Expanding efforts to document and understand Great Lakes coregonine river spawning – Year 2

Contributing Authors

Andrew Honsey (USGS, ahonsey@usgs.gov), Todd Hayden (USGS), Ralph Tingley (USGS), Chris David (OMNRF), Tyler Funnell (USGS), Jason Smith (Sault Ste Marie Tribe of Chippewa Indians), Matt Herbert (TNC), Amanda Ackiss (USGS)

Project Description

Restoration and conservation efforts hinge on the identification of key habitats, such as fish spawning habitats (Lewis et al. 1996; Kondolf 2000), and the potentially distinct populations that use them. Knowledge of these habitats can help to ensure that conservation and restoration efforts account for the “three R’s”: representation, resiliency, and redundancy (Shaffer and Stein 2000). Populations that spawn in unique habitats may represent important aspects of diversity (e.g., genetic, phenotypic, behavioral, functional) that are worth conserving. These populations may also contribute to species-wide resiliency to disturbance events, and conserving them or using them for restoration actions (e.g., stocking) can maintain or increase a species’ ability to withstand catastrophic events (i.e., redundancy). Historically, many Great Lakes coregonines underwent spawning migrations into rivers. For example, spawning was documented or hypothesized to occur upstream or in large river mouths emptying into lakes Huron and Michigan (Madison and Lockwood 2004; Zorn and Sendek 2001). The Niagara River and tributaries in western Lake Ontario provided spawning grounds for cisco Coregonus artedi (Goodyear et al. 1982), and early 20th century creel surveys documented catches of cisco, lake whitefish C. clupeaformis, and round whitefish Prosopium cylindraceum in tributaries of lakes Michigan, Huron, and Superior (Michigan Department of Natural Resources, unpublished data). Contemporary data indicate that connecting waters, including the Detroit and St. Marys rivers, support spawning aggregations of lake whitefish (Roseman et al. 2007) and cisco (Fielder et al. 2000). Finally, the resurgence of lake whitefish spawning in Green Bay tributaries shows that coregonines can re-establish spawning runs in rivers despite a legacy of habitat degradation (Ransom et al. 2021). While few contemporary records of coregonine runs exist in other Great Lakes tributaries, it is likely that the current extent and nature of coregonine river habitat use is underestimated given the challenges associated with sampling during the spawning period (late fall-winter). This project builds off of work completed in Year 1 (funded in FY22), which involved sampling five rivers across the Great Lakes basin. Work from our first project year resulted in the notable finding of a probable spawning run of cisco in the Spanish River, Ontario, Canada. Specifically, we captured 31 cisco (25 males, 6 females) via night boat electrofishing below the dam in Espanola, ON (~52 river km upstream of the river mouth in the Whalesback Channel) from November 14-16, 2022. All captured individuals were mature and ripe, and they ranged in age from 3-9 yr and total length from 287-394 mm. Most of the captured individuals were morphologically similar to lake spawning cisco populations in the region and conformed to descriptions of “Manitoulin cisco” C. artedi manitoulinus (first described by Koelz, 1929). However, four individuals were morphologically similar to cisco from other regions, including the Les Cheneaux Islands and western Bruce Peninsula (Eshenroder et al. 2021). We are using Genotyping-in-Thousands by sequencing (GT-seq) and low coverage whole genome sequencing (lcWGS) to assess the genetic structure of this population and better understand its potential uniqueness and evolutionary history. To our knowledge, this collection represents the best evidence of cisco spawning in a Great Lakes tributary since the 1880s. These findings are critical for updating our understanding of the ecological (and potential genetic) diversity of coregonines in the Great Lakes and informing conservation and restoration efforts under the Coregonine Restoration Framework (Bunnell et al. 2023). Sampling in other rivers in the first project year resulted in the collection of eight lake whitefish from the Escanaba River, as well as the collection of eDNA samples from the Niagara River (analysis in process). No cisco or other coregonines were captured in the study rivers apart from the Spanish River. Building off of the success in the Spanish River, we propose to survey three additional Lake Huron tributaries to determine whether coregonines are present in these systems during the spawning period. We will explore the potential for genetic and/or phenotypic differentiation among additional river spawning (if found) and lake spawning populations. In addition, we will use acoustic telemetry to better understand spawning run timing and seasonal movements. This work will improve our understanding of coregonine river habitat use, expand our knowledge regarding the portfolio of coregonine spawning habitats in the Great Lakes, and inform efforts to conserve and restore coregonine diversity both within and between species. This work complements ongoing efforts by co-PIs Smith and Herbert, who have sampled tributaries during the coregonine spawning period annually since 2018; our proposed work will supplement their sampling and allow for genetic analysis of samples collected by their team.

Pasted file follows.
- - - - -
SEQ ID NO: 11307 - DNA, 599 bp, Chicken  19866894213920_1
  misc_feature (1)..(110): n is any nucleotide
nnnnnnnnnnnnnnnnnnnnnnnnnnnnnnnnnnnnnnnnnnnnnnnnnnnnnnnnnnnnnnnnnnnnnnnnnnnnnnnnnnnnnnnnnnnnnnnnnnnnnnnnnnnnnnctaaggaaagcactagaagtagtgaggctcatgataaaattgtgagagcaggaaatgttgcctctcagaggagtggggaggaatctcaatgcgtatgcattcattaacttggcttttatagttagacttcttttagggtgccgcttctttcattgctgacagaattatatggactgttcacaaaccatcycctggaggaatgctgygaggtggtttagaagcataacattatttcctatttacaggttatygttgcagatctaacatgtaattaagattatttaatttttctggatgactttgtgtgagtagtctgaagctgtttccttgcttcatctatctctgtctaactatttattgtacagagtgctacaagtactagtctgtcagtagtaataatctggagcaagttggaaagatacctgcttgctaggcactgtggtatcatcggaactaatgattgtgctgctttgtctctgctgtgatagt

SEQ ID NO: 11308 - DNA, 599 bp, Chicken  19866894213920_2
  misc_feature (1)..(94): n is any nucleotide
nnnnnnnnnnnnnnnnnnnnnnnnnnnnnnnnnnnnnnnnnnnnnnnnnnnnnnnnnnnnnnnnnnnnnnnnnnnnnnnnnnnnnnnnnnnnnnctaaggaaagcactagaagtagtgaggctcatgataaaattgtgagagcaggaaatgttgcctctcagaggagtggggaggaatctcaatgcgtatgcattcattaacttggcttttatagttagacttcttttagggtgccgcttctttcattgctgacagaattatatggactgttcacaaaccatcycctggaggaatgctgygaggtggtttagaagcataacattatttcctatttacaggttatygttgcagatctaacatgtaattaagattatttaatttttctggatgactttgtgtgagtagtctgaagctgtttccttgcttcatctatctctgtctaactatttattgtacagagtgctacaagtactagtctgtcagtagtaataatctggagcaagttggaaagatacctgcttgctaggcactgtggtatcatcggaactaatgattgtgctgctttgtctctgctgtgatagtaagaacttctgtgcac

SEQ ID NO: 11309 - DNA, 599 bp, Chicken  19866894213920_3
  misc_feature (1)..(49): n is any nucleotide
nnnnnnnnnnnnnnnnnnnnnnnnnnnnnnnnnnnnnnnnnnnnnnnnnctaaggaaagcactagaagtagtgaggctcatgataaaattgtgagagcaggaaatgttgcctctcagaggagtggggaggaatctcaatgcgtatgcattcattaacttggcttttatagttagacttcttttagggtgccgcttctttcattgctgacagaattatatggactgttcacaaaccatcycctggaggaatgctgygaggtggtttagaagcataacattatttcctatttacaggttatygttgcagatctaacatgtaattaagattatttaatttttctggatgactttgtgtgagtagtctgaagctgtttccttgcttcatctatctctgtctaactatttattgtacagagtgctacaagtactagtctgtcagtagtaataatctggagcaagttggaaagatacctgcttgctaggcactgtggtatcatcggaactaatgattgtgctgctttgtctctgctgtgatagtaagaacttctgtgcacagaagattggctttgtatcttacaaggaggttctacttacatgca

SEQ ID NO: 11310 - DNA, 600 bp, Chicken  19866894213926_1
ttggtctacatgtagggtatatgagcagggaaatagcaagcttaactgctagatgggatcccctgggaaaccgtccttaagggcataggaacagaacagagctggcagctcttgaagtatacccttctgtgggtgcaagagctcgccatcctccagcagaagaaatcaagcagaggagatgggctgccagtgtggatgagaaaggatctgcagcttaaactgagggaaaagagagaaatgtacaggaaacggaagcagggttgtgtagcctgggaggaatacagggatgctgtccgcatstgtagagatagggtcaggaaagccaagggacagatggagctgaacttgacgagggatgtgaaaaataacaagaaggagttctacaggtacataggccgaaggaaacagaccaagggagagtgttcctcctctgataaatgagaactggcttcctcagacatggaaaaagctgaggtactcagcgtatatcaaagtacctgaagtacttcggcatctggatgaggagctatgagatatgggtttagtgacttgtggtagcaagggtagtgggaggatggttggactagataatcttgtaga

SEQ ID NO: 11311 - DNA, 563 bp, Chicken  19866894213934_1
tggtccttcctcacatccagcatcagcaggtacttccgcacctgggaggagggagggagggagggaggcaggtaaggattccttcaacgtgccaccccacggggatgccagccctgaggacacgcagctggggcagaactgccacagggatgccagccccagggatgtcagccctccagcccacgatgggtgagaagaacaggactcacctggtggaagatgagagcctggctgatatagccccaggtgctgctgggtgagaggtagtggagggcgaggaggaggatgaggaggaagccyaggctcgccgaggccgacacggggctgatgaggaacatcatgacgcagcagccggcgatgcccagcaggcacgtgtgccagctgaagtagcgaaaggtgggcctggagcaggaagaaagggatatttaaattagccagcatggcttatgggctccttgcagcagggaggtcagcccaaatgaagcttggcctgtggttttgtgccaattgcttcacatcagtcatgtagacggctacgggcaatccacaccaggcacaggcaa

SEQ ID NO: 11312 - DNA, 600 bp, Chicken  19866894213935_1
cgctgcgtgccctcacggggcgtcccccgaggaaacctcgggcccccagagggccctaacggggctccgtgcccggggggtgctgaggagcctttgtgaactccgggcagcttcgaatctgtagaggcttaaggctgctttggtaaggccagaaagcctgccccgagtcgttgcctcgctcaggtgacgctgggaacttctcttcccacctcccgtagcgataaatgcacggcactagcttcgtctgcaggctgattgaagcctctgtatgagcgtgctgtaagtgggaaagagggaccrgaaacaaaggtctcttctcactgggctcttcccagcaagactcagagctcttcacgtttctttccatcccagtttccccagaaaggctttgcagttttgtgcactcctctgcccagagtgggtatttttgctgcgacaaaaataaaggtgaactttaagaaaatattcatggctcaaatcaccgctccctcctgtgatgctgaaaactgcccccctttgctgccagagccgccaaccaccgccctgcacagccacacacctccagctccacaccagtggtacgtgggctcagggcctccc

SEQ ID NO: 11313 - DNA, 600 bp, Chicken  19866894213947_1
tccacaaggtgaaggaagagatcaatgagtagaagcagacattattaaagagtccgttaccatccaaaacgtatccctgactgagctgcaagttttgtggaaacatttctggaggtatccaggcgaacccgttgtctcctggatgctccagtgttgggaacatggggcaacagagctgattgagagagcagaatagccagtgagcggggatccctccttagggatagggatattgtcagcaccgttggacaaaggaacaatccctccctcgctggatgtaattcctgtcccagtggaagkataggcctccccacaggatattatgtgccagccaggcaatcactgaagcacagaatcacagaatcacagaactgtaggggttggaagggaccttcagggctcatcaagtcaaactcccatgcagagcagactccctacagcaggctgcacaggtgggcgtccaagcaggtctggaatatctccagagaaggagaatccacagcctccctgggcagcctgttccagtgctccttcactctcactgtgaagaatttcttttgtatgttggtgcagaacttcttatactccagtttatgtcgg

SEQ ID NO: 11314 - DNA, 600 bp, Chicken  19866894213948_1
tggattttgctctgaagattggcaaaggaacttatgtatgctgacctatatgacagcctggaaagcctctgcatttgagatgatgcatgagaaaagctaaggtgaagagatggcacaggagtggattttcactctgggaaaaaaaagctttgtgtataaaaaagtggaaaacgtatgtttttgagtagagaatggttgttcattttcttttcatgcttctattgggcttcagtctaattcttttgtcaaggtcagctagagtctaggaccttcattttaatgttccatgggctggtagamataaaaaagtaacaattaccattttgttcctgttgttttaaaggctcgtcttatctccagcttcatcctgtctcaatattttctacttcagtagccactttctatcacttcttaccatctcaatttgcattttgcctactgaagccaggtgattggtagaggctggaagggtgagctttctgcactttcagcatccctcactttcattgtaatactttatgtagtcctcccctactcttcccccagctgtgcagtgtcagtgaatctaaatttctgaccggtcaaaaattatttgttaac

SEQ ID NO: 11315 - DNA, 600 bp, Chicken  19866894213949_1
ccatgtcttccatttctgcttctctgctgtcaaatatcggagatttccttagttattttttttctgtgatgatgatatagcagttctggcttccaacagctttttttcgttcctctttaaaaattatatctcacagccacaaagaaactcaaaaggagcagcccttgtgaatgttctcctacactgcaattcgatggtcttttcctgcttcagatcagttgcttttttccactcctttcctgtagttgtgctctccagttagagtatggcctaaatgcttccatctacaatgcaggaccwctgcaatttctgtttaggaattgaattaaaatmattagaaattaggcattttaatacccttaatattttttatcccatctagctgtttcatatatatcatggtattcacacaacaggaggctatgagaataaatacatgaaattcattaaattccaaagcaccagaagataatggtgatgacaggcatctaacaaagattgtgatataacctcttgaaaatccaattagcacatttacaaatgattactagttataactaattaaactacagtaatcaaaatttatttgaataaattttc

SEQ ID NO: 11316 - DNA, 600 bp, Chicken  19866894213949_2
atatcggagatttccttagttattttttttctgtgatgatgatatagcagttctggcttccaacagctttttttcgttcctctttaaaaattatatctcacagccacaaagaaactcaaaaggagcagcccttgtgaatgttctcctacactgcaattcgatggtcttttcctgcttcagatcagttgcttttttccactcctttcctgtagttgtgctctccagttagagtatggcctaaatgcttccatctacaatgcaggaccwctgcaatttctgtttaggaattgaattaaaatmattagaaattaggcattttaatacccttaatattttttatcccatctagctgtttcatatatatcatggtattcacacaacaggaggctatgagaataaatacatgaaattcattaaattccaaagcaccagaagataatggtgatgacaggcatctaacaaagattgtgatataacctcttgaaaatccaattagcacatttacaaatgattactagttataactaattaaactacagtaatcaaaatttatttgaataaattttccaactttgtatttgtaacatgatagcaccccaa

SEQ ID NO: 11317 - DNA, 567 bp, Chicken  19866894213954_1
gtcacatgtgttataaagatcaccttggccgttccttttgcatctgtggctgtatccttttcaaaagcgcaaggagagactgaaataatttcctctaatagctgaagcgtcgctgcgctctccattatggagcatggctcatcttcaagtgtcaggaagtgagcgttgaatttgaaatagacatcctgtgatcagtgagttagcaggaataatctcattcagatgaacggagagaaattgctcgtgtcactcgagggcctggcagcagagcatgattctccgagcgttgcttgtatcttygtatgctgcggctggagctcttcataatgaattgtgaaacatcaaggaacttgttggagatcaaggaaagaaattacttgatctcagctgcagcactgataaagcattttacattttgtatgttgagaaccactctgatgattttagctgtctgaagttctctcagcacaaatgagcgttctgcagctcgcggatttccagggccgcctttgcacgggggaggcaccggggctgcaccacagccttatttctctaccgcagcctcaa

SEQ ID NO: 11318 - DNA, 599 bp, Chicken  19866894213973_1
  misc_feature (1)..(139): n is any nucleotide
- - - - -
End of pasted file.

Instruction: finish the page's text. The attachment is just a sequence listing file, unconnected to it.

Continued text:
Funded In

Funding Agency


Restoration Framework Phase

Project Impact



Project Subjects